Ugandan Comedienne Anne Kansiime is the latest victim of Instagram hacking, after all her information including followers, the people she follows and her photographs were deleted from the social media platform over the weekend.
In a video on her YouTube Channel on Sunday, Kansiime said she learnt that her account was hacked, when a friend called to tell her that she had failed to tag her in a photo.
“I checked my Instagram account, only to find that I have zero followers and I am following zero people. The profile photo was also gone. Who steals and even steals the profile picture?” she lamented.
“Hackers you are special. Aren’t you the guys that used to copy in exams and even end up copying your friends’ names? We know you came to steal kill and destroy, but at least leave me my pictures,” she added.
The account had garnered over 250,000 followers.
Kansiime suspects that one of the people on her media team could have caused the incident, as she had earlier on received several emails from people asking her to verify her account.
“Someone sent me an email about verifying the Instagram account. It almost looked genuine. It was from email@example.com.”
Questioning her faith
Kansiime in the YouTube Video further mentioned that the incident pushed her to question her faith.
“I was so scared, my palms were shaking, I was sweating. It is a big deal for me to lose something like that.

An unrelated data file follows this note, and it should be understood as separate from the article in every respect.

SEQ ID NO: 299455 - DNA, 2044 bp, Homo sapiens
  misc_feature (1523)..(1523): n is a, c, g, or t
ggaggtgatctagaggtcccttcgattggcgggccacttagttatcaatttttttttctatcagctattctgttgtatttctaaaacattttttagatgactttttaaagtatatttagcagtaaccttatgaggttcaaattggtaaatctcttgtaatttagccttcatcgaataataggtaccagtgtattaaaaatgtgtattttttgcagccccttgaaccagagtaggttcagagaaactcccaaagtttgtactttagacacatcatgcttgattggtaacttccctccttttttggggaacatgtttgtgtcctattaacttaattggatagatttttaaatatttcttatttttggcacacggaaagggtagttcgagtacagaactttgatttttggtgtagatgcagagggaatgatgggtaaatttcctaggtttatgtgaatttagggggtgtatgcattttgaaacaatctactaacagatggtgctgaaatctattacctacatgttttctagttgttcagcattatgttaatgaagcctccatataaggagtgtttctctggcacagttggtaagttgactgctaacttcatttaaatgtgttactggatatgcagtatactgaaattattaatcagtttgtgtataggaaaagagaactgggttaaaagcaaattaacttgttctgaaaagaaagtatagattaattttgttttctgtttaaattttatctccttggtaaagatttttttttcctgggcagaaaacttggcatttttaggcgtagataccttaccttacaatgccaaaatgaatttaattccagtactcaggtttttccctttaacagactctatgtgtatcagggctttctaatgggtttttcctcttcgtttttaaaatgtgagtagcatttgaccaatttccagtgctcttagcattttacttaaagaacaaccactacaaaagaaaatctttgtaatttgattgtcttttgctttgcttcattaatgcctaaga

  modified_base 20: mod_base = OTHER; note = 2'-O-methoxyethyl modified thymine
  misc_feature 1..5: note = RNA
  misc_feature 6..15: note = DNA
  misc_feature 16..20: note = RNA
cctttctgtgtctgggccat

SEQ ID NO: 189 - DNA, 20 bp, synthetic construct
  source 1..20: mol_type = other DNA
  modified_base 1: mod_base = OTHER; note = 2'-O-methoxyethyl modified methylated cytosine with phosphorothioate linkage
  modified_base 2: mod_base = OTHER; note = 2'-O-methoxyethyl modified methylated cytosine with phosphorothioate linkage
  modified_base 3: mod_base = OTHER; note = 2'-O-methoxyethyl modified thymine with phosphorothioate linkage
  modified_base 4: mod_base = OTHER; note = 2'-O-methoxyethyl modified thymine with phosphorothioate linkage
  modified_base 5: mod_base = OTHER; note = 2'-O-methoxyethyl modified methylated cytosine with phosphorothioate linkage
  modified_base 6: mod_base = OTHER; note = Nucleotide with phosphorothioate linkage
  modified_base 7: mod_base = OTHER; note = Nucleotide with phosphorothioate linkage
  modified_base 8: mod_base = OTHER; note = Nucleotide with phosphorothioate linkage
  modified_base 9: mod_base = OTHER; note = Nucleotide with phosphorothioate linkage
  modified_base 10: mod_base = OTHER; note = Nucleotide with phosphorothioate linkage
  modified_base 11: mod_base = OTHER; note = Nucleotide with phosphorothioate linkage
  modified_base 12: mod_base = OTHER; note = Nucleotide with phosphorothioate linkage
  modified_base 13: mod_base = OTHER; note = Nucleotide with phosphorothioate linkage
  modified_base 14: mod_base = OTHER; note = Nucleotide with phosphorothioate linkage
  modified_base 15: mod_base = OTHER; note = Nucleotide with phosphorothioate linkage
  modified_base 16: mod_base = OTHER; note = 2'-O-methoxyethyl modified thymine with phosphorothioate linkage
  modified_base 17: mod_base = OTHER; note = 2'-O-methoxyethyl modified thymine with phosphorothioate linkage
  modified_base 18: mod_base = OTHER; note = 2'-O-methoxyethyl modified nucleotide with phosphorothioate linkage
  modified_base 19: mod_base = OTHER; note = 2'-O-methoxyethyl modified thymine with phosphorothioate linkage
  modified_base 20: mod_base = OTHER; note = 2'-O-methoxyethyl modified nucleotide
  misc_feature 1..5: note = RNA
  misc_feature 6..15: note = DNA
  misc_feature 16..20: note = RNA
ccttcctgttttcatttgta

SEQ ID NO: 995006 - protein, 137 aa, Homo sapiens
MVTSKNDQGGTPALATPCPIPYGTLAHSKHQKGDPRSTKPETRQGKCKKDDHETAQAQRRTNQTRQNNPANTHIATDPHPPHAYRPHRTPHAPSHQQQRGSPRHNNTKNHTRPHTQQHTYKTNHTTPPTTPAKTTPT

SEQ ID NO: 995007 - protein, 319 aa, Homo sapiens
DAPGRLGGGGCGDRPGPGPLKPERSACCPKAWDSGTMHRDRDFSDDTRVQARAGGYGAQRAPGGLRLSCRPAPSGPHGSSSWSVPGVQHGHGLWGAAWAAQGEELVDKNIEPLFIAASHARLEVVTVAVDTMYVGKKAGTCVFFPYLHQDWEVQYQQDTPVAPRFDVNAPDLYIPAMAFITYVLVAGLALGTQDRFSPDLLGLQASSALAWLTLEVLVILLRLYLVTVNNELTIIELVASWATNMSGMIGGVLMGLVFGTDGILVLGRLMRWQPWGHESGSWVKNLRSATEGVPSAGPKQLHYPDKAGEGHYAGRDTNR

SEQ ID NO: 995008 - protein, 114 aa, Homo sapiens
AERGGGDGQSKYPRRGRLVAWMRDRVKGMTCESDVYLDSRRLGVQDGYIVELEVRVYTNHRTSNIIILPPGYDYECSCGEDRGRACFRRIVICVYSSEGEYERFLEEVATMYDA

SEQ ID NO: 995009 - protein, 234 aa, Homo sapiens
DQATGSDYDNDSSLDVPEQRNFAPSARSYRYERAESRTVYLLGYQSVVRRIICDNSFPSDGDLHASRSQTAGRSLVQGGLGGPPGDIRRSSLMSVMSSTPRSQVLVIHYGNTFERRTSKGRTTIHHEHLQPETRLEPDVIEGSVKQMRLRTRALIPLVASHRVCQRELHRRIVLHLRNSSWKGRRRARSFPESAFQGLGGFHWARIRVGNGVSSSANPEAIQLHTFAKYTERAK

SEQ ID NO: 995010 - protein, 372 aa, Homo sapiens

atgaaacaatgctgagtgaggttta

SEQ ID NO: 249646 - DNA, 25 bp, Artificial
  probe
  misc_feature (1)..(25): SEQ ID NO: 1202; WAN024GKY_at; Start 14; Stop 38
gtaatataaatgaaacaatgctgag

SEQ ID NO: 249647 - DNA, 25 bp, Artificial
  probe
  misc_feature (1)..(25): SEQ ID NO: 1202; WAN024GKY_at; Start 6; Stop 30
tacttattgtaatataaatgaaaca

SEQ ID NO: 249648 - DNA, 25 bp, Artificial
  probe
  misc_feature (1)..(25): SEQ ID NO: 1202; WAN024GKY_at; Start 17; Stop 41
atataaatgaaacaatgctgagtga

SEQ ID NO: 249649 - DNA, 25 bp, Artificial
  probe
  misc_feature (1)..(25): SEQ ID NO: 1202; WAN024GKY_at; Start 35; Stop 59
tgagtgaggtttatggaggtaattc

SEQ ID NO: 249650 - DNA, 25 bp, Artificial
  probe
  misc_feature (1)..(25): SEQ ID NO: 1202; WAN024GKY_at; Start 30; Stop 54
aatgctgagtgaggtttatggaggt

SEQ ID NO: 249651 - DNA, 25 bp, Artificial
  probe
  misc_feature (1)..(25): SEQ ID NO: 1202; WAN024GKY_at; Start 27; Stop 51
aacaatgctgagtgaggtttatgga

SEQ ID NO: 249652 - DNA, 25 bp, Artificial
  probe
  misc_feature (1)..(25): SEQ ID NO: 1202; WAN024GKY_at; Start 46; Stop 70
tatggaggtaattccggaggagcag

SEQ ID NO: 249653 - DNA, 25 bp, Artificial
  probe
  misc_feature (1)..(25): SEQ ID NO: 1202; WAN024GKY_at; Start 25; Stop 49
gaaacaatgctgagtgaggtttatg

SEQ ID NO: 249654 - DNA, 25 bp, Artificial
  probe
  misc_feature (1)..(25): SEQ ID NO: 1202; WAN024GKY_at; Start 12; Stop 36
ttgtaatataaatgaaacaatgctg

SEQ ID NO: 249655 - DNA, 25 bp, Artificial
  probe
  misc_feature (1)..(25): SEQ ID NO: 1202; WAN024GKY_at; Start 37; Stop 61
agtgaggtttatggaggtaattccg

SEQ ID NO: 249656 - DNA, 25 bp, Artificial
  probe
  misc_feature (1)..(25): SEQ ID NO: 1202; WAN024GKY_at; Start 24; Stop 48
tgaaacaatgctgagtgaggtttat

Losing my Instagram account made me question how much power we give to some of the things that we do in this life of ours.
I started to think how I have lost bigger things. People have died, I have been sick, I have been worried for my health, but I was never this afraid. How can I panic like this, because of social media?
How accounts get hacked
Sahil Uppal, a Cyber Security expert on Qoura says celebrities’, or anyone else’s accounts are majorly hacked using Phishing techniques.
Phishing is a technique in which the hacker sends a malicious link to the person whose account he wants to hack, in the hope that the person will click on that link, open the corresponding webpage, and enter his/her login credentials over there, which would then be relayed to the hacker.
The malicious links are designed in a manner that makes in difficult for the victim to doubt the genuinity of the link. Also, the corresponding webpage is generally designed to be a duplicate of the site that the hacker is trying to impersonate.
“It is advisable to not open any links directly via email. If you get an email that “your friend” has posted on Facebook, take the effort to directly go the Facebook login page and check out the post after logging in, rather than clicking on the link in the email directly,” he says.
Kansiime is now calling on people to follow her on her new Instagram account @Kansiimeanne256. By Monday Morning, she had garnered 5021 followers, and followed back 474 people.